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God Squad: Why the rabbi from Melville loves Halloween

Halloween is barely a Christian holiday. It is All Hallows Eve, which comes just before All Hallows Day, also called All Saint's Day. It is part of a three-day feast celebrated in Western Christianity in honor of saints who have been canonized over the years. Some scholars think Halloween was an attempt by the church to Christianize an old pagan Celtic festival call Samhain, which comes from the old Irish word meaning "summer's end." There is a widespread and incorrect rumor that Neopagans and Wiccans celebrate Halloween — this is not true. They do celebrate Samhain, and that is fine by me. Father Tom Hartman, my former God Squad partner, and I always believed that there are many paths up the same mountain to God, and I guess that includes paths that require flying broomsticks. Whatever its origins in the hoary past and whatever its pagan roots, I love Halloween and worry about what the plague will do to this beloved holiday, which is only about candy, pumpkins, costumes, parties and kids … and did I mention candy? I know that health concerns will cancel trick-or-treating excursions around the country. All that may be left is the pathetic, but well meant, drive-up trick-or-treat lane at the local Home Depot. This is a shame. I understand the limitations that COVID-19 has imposed on us, but I mourn the extinguishing of beloved childhood secular rituals. This has been a particularly bad time for children, who are deprived of their friends and a time to set aside fears of the moment so that they can engage in fantasy and fun. They cannot make up the time the plague has stolen from them. Another reason for my sadness at the squashing of Halloween is what it does to adults and our sense of community. In the old days, when I was a child, we were just released into the neighborhood to trick-or-treat our way around the block then find our way home to divide up our loot. Over time, as rumors and actual incidents proliferated of predators and other creeps prowling the same streets as our little ghosts and gremlins, parents would accompany their kids on the trick-or-treat cattle drive. This was a very good thing because it gave adults an opportunity to say hello to their neighbors — or introduce themselves. This made the isolated homes of our land less isolated. It gave us a chance to affirm community, a sacred thing. So, here is my typically contrarian and slightly weird idea to save Halloween. Bake cookies, or better yet buy cookies that are individually wrapped, and put them in bags. Then drive around the neighborhood and leave your bags of cookies on the doorsteps of your neighbors with a note: Sign up for The Classroom newsletter. The pandemic has changed education on Long Island. Find out how. By clicking Sign up, you agree to our privacy policy. We came by to give you some cookies in thanks for all the Halloweens you gave us sweet stuff. Sorry that COVID has made the old Halloween impossible this year, but perhaps next year, or the year after, we can return and say, "trick or treat" to you in person. Perhaps then we can all remember that we are not alone as we go through these difficult times. We are separated but we are together in spirit. Happy Halloween! It may be an impractical or even bad idea, but it is sincerely meant. It is all right if we are deprived now of our beloved national rituals, but it is not all right for us to forget them. I still remember many Halloweens in Milwaukee when I ran through piles of crunchy leaves on my way from house to house. I remember those times as times of complete happiness. Children deserve those times so that they can build up a happiness reserve, like squirrels who put aside nuts for the winter. As adults, we can draw down those happiness reserves from childhood during the times when the real demons of adult life close in upon us in the night. I know people hate Halloween because it is redolent with pagan influences, but I reject this view. Halloween is at root a child's holiday and nothing set aside for the happiness of children can be all bad. So, from the bottom of my ghoulish heart, I wish you all a Happy Halloween and I pray that we may know it and celebrate it soon again on a night when all our fears have been vanquished. SEND QUESTIONS AND COMMENTS to The God Squad at godsquadquestion@aol.com or Rabbi Marc Gellman, Temple Beth Torah, 35 Bagatelle Rd., Melville, NY 11747. By Rabbi Marc Gellman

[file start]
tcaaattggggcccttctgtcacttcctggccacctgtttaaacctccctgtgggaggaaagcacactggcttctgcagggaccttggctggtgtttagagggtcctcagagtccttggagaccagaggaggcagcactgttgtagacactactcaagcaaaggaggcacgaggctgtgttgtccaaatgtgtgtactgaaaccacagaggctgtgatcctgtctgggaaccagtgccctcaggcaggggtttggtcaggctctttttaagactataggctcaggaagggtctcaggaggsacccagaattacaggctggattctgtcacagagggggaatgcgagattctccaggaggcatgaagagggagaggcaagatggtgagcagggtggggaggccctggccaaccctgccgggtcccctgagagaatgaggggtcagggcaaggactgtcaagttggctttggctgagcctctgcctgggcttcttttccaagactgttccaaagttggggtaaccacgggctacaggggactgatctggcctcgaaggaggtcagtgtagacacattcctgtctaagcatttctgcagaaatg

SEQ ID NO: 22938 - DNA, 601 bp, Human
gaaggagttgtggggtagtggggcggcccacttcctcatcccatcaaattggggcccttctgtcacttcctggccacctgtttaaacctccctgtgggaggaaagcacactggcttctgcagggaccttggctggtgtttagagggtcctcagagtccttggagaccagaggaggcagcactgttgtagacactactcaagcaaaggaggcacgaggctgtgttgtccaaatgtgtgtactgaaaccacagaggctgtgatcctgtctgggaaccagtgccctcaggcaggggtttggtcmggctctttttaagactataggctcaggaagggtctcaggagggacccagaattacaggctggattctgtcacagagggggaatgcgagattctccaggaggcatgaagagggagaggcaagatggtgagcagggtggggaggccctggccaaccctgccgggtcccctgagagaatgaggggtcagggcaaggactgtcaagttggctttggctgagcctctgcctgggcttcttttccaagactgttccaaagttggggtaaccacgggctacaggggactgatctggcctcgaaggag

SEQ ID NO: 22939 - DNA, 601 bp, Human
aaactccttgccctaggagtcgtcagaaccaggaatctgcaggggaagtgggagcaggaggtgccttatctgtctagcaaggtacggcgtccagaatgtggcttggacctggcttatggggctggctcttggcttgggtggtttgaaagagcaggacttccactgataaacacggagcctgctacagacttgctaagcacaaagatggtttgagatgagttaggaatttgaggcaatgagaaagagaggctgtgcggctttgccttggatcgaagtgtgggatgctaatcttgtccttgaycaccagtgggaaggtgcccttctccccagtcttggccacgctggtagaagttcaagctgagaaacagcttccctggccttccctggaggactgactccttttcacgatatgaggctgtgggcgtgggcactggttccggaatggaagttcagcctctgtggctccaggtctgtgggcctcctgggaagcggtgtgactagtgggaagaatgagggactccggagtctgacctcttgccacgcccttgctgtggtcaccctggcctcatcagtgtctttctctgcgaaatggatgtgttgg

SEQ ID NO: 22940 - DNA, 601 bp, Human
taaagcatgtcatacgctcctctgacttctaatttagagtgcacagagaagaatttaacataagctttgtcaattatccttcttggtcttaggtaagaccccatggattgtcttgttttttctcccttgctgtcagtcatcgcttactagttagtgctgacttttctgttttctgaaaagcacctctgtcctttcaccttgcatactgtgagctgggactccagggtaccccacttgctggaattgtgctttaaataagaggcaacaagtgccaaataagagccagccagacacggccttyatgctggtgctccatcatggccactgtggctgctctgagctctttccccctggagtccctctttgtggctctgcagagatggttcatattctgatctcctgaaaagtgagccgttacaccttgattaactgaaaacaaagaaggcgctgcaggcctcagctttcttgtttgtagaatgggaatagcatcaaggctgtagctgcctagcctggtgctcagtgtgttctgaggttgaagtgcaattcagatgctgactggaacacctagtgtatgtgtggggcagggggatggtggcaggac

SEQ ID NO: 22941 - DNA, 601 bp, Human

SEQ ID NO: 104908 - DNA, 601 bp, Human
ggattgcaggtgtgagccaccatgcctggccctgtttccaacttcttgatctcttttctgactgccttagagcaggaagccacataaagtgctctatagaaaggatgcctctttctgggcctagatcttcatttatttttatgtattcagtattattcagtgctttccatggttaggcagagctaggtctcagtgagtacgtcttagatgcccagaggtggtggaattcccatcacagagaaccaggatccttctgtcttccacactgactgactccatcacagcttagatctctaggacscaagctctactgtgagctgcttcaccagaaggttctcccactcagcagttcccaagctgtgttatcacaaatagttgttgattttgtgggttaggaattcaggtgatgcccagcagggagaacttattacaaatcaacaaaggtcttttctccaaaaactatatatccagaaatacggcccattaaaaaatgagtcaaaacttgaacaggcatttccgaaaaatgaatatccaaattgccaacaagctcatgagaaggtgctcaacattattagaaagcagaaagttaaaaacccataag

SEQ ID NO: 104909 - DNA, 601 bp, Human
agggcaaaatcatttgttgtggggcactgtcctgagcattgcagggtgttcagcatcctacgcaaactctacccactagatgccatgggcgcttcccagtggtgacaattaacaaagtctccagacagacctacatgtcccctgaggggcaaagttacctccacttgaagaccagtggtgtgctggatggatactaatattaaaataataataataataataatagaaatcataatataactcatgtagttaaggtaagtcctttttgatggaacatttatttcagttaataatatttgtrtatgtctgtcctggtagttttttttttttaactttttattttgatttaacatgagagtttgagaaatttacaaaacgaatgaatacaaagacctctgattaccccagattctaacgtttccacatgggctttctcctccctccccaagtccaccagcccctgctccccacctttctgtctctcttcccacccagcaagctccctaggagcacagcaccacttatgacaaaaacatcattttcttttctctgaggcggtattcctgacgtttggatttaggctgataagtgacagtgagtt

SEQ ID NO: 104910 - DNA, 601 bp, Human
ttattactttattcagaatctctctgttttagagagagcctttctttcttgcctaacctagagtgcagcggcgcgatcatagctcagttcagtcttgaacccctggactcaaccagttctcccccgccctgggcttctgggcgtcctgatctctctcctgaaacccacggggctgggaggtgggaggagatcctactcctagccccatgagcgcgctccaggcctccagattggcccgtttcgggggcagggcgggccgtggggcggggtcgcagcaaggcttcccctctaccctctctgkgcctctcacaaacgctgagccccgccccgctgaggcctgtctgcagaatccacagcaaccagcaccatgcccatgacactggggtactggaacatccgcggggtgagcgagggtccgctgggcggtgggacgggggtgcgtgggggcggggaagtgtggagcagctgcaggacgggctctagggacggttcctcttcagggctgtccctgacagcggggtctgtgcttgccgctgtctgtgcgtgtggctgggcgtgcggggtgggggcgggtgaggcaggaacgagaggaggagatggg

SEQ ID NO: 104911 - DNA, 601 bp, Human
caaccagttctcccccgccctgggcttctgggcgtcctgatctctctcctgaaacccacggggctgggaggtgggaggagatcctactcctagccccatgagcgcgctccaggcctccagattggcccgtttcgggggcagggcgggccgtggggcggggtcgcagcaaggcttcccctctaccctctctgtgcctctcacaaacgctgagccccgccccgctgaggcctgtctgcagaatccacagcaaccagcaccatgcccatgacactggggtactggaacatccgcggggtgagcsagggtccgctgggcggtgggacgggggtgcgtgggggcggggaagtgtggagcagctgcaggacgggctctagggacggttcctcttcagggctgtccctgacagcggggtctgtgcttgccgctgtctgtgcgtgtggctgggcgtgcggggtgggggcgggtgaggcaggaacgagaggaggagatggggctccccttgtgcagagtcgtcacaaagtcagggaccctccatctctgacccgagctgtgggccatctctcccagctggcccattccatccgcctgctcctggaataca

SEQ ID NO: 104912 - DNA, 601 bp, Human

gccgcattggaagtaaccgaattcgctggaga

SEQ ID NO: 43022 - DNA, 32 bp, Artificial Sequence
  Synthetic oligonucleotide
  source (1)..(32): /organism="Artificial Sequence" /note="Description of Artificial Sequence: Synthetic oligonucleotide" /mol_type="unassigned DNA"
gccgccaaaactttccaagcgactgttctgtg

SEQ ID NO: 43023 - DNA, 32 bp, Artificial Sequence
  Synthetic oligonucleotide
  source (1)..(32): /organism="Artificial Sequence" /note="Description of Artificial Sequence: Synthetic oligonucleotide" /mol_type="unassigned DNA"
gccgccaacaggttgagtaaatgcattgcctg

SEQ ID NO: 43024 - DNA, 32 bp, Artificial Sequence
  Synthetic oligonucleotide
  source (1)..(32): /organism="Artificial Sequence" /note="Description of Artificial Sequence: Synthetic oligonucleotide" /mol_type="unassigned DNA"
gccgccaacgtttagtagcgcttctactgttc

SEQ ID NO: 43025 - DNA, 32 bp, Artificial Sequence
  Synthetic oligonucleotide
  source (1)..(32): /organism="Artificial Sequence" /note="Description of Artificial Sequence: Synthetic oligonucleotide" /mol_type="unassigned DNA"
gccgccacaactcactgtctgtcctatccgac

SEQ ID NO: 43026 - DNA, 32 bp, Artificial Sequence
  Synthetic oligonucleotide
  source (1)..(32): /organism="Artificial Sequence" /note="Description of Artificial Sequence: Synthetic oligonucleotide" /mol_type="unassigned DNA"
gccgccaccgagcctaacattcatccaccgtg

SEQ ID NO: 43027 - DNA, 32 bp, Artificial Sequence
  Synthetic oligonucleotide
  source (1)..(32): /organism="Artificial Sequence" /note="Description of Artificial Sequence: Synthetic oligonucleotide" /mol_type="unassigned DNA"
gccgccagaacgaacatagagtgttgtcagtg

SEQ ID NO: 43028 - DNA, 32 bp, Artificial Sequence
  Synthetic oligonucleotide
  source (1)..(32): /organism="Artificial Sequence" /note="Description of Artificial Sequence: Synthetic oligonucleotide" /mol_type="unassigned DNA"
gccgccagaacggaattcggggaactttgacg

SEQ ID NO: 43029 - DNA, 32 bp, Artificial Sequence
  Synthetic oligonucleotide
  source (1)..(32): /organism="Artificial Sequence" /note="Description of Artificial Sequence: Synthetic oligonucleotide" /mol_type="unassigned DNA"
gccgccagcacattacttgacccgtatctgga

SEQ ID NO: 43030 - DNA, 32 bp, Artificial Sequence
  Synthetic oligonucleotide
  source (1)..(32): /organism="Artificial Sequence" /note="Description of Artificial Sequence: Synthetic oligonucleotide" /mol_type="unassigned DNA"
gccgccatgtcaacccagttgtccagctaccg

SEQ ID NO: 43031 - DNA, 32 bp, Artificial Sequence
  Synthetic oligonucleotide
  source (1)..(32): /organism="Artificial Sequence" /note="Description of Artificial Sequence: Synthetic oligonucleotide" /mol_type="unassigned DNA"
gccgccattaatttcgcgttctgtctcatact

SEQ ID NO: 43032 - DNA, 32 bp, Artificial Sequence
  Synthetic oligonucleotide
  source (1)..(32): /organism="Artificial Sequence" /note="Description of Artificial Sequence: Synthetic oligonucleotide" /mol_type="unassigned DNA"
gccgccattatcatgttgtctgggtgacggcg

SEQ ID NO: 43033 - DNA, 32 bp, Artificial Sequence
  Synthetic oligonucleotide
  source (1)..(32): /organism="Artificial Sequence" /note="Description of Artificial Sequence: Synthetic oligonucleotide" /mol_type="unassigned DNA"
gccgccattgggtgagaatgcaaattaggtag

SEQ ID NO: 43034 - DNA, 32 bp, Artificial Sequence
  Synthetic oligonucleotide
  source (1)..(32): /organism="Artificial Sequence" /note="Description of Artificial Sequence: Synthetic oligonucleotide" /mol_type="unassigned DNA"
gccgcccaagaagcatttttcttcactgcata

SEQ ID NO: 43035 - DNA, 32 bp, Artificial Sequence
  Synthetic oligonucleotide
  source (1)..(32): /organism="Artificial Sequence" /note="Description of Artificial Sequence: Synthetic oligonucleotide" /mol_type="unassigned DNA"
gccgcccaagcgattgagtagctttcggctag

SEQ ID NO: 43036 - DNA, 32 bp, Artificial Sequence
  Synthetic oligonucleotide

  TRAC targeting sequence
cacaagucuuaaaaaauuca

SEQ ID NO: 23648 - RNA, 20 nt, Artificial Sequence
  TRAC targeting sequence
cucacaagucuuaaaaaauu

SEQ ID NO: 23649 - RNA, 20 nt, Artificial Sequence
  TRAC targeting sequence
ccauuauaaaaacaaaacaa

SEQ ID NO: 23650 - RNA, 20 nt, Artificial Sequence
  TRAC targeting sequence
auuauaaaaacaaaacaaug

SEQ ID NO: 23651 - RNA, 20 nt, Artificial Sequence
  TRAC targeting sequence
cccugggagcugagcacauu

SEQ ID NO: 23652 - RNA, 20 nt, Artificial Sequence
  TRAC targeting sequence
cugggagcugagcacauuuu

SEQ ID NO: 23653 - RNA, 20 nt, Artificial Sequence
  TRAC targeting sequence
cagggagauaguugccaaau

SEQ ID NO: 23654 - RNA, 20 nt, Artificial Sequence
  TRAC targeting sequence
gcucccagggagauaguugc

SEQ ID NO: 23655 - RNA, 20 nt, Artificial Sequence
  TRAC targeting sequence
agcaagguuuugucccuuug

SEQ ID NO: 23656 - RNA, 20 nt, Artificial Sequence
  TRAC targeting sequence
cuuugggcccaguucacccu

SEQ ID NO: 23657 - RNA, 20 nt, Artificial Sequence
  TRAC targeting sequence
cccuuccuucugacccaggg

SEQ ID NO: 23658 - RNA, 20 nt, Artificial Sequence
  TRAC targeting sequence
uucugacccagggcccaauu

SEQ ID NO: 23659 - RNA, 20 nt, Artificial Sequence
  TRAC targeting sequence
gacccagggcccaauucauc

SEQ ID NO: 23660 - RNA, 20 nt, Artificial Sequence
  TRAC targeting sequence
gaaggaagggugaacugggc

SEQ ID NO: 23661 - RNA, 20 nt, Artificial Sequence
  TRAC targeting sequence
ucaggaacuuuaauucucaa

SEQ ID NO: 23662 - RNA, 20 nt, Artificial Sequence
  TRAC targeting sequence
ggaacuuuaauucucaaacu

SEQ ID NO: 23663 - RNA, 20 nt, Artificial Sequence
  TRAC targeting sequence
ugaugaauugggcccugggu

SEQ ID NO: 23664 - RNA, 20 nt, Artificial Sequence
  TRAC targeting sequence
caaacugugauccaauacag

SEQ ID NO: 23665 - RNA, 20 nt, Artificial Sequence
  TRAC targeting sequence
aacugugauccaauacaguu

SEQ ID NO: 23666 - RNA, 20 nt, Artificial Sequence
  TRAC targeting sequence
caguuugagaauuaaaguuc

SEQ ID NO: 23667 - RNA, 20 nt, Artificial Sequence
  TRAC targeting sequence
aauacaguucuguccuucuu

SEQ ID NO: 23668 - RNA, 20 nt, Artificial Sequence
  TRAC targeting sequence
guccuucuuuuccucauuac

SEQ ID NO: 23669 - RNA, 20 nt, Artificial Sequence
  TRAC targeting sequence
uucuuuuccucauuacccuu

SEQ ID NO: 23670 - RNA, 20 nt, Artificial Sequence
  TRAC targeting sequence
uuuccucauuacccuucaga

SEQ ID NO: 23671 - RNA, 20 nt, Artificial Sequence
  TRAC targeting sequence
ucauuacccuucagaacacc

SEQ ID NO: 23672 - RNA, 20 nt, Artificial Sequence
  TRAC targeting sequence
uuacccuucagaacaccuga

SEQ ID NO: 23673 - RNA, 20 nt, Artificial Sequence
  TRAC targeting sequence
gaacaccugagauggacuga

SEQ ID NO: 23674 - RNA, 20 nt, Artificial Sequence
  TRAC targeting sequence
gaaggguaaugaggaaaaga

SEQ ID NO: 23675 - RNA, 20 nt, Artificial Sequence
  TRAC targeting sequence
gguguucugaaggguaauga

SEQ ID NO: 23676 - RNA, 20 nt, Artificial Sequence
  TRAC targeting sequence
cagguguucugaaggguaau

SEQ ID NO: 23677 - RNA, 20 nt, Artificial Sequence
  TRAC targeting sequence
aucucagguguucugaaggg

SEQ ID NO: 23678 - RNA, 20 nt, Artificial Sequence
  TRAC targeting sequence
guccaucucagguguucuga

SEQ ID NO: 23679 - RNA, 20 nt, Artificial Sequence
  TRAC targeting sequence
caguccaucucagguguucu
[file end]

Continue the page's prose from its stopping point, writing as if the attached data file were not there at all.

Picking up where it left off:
Is Trump counting on God to put him back in the White House? - analysis